Amazon, which owns Whole Foods, has reportedly had coronavirus spread to at least 17 warehouses in the U.S., according to Reuters. The online retailer has 175 fulfillment centers globally and more than 150 fulfillment centers, sorting centers in the U.S., according to Amazon's website. Several workers tested positive at the Amazon fulfillment center on Staten Island; workers are striking until the building is sanitized, Chris Smalls, a manager assistant who helped coordinate Monday's walkout, told USA TODAY.
Amazon had not responded to a request for comment at publication time. But CEO and founder Jeff Bezos praised the Amazon workforce in a statement March 21 and noted that "much of the essential work we do cannot be done from home. We’ve implemented a series of preventative health measures for employees and contractors at our sites around the world – everything from increasing the frequency and intensity of cleaning to adjusting our practices in fulfillment centers to ensure the recommended social distancing guidelines. We are meeting every day, working to identify additional ways to improve on these measures."
Whole Foods has had several employees test positive for COVID-19 across the U.S., according to various news reports. "As we address unprecedented demand and fulfill a critical need in our communities, Whole Foods Market is committed to prioritizing our Team Members’ well-being, while recognizing their extraordinary dedication," Whole Foods said in a statement to USA TODAY.
The planned Whole Foods sick-out comes just days after 15 attorneys general sought improved protection for workers including paid sick leave in a letter to Bezos and Whole Foods CEO John Mackey.
"By limiting paid sick leave only to those who have been definitely diagnosed with COVID-19 or who have been placed into quarantine, Whole Foods and Amazon are placing their employees, customers and the public at large in significant risk of exposure," wrote the AGs from states including California, New York and Washington.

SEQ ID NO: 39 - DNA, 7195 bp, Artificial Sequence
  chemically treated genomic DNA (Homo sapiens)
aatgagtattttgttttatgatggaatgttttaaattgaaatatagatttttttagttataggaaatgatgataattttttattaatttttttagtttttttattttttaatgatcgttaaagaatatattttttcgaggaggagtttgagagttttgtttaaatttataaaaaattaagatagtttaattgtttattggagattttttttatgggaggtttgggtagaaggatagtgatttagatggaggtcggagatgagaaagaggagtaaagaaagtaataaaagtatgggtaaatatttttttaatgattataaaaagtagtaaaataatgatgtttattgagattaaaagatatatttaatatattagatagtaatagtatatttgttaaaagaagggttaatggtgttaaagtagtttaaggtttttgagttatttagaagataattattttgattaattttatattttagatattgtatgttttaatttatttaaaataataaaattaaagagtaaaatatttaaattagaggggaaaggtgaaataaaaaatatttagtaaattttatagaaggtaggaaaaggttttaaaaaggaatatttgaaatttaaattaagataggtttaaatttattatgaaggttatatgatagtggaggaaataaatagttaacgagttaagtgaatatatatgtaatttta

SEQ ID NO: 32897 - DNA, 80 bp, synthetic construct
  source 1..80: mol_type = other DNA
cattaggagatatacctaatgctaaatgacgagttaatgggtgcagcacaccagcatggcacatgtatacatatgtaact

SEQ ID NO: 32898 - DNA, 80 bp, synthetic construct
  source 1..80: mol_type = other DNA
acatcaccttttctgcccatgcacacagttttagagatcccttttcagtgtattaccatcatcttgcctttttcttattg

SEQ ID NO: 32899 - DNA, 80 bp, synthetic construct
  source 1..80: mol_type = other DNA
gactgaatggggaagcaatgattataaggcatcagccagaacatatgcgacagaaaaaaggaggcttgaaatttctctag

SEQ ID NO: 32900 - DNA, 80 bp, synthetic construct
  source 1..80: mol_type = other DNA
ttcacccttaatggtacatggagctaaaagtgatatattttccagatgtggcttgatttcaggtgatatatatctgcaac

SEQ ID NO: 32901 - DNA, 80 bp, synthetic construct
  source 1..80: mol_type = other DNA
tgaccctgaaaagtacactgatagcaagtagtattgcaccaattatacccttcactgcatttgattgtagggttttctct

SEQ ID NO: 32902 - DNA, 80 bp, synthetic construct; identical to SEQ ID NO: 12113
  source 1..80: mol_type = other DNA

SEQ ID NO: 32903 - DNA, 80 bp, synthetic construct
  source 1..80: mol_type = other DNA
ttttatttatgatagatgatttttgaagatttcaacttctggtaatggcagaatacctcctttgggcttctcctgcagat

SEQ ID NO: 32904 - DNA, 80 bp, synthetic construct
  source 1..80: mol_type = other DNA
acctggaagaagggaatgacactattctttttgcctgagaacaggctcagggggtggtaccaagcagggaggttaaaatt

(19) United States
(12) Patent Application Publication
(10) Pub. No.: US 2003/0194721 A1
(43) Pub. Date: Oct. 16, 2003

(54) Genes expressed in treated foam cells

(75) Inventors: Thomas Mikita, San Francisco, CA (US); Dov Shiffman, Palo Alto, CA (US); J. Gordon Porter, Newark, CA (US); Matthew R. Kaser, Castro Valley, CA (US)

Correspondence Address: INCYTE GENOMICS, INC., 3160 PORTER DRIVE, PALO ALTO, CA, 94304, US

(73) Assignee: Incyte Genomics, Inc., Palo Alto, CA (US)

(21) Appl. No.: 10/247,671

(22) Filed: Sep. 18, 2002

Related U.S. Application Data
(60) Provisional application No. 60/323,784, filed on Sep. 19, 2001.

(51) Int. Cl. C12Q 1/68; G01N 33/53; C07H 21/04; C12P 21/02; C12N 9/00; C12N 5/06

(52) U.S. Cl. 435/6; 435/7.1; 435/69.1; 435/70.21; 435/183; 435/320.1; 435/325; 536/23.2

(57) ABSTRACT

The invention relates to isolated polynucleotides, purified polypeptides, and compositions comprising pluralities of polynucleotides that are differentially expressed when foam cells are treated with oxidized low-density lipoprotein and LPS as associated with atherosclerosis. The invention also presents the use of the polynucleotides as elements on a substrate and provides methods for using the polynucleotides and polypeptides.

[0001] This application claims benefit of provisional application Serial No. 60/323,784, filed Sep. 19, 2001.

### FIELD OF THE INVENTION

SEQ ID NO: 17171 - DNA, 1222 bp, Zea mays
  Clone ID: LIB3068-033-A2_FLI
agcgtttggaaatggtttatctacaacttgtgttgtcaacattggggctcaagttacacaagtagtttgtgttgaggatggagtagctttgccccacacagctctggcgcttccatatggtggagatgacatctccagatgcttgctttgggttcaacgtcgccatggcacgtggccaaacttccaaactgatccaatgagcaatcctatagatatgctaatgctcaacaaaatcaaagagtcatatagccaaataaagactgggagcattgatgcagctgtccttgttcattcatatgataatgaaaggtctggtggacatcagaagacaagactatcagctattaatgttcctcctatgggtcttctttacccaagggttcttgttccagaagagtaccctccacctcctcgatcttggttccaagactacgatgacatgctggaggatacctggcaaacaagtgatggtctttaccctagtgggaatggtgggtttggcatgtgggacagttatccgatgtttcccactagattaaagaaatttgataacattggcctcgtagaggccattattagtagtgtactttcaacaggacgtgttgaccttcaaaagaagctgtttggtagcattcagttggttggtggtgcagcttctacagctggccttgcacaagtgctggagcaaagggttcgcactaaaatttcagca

Those organizing the Whole Foods sick-out said the grocery chain, which Amazon acquired in June 2017 for $13.7 billion, has temporarily relaxed its strict attendance policy, "which means that team members can participate in this act of protest without reprisal," said the event's promotional flyer.
Demands by the Whole Foods sick-out organizers:Guaranteed paid leave for all workers who isolate or self-quarantine instead of coming to work Reinstatement of health care coverage for part-time and seasonal workers. Increased FSA funds to cover coronavirus testing and treatment for all team members, including part-time and seasonal. Guaranteed hazard pay in the form of double pay during scheduled hours. Implementation of new policies that can facilitate social distancing between workers and customers. Commitment to ensuring that all locations have adequate sanitation equipment and procedures in place. Immediate shutdown of any location where a worker tests positive for COVID-19. In such an event, all workers should continue to receive full pay until the store can safely reopen.
Contributing: Dalvin Brown, Charisse Jones